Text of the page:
Here You Have - the worm, virus, trojan combo

Not since Nimda and Code Red has there been so much excitement over a virus propagated around the Internet; the news channels are rolling out all sorts of experts for their doom and gloom opinions, and the dollar amount of lost business is already being totted up by those affected. The list of companies hit so far includes some household names like Comcast, Coca-Cola, ABC and NASA.

The similarities of the ‘Here you have’ worm and the likes of the ILOVEYOU and AnnaKournikova worms have not gone unnoticed – for example HYH uses the same subject line as AnnaKournikova!

Today I expect many of those affected by the HYH worm will be asking how it managed to propagate so well using mechanisms that have been in such wide use of the past 15 years. You have to give it to the writers of HYH, that’s a real retro-worm right there.

HYH has done alarmingly well since it was first spotted in the wild. It’s Worm like characteristics of using email as a distribution mechanism are not new, but the fact that HYH dodged so many security systems is a big surprise. Could this be because too many organizations have not yet protected their users from web borne threats by implementing URL scanning technology in both email and web browsing sessions? The Trojan like qualities of its socially engineered download link have duped many into clicking on the malicious link, surely we should know better? HYH will also email itself to your Outlook contacts as well as copy itself through network shares and drives. All in all HYH is a multifaceted nightmare that on the face of it appeared to look like many of the other worms out there today – yet HYH has been hugely successful. This is perhaps a factor of distribution via email and infection via URL where simply not enough zero day exploit protection was afforded to users.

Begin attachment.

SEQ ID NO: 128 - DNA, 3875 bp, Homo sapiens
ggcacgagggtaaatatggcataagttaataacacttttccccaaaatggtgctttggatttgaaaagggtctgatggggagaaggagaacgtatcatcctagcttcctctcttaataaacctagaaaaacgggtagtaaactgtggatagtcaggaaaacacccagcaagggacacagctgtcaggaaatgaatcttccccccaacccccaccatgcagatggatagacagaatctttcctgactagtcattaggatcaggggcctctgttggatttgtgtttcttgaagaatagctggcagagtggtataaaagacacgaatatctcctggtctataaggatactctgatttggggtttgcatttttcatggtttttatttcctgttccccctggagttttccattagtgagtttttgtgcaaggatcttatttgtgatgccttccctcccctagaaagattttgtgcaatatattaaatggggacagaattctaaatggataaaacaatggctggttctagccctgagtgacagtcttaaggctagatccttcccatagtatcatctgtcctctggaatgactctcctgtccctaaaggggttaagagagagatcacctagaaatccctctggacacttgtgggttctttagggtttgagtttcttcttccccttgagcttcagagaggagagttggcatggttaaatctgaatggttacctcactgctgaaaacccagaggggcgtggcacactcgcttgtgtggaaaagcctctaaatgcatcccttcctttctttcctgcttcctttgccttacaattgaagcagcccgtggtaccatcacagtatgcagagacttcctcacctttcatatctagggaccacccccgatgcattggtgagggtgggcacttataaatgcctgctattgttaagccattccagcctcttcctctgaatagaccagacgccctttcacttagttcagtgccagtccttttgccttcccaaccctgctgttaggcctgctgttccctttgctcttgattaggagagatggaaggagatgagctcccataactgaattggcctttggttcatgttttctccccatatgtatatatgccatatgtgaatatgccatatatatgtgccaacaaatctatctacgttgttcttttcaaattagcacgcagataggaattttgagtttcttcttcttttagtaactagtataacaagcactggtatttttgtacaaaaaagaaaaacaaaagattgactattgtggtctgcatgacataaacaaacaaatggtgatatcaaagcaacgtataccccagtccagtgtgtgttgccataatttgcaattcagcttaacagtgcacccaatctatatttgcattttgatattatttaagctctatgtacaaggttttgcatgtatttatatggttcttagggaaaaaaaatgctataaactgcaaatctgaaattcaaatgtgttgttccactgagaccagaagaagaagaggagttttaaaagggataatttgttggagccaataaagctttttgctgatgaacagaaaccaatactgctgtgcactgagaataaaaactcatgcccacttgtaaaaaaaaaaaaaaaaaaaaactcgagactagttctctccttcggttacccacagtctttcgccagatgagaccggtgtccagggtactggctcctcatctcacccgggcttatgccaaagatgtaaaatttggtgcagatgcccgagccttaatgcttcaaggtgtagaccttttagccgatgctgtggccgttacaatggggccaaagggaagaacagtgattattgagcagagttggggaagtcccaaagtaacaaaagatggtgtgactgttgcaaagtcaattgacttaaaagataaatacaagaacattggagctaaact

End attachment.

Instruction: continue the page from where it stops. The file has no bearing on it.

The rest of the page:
All of this has left many administrators with only one option, and this isn’t something they have considered for a long time – unplug the network, take everything offline until you can get on-top of the problem. A sysadmin or network admins nightmare. Of those affected some may be able to rely on external continuity systems that offer both security and continuity, but the unlucky ones are probably looking at a long weekend of cleaning and patching.

So whilst others pick apart HYH and its impact on networks and the Internet, I can’t help but notice that this whole saga forces us to once more worry about issues we thought were dealt with. The spam and virus threat isn’t something that’s going to go away, and if anything HYH shows us that it is still possible for chaos to erupt at a moment’s notice. Chaos that can clearly come from the most unexpected direction.

Now is the time to review your setup, email security isn’t a done deal it’s a dynamic system that needs attention. If you haven’t already considered the HYH chaos as a source of downtime, and add that scenario to your continuity plan. And, last but not least, go back to the users and re-educate them on the threats that are clearly still out there.

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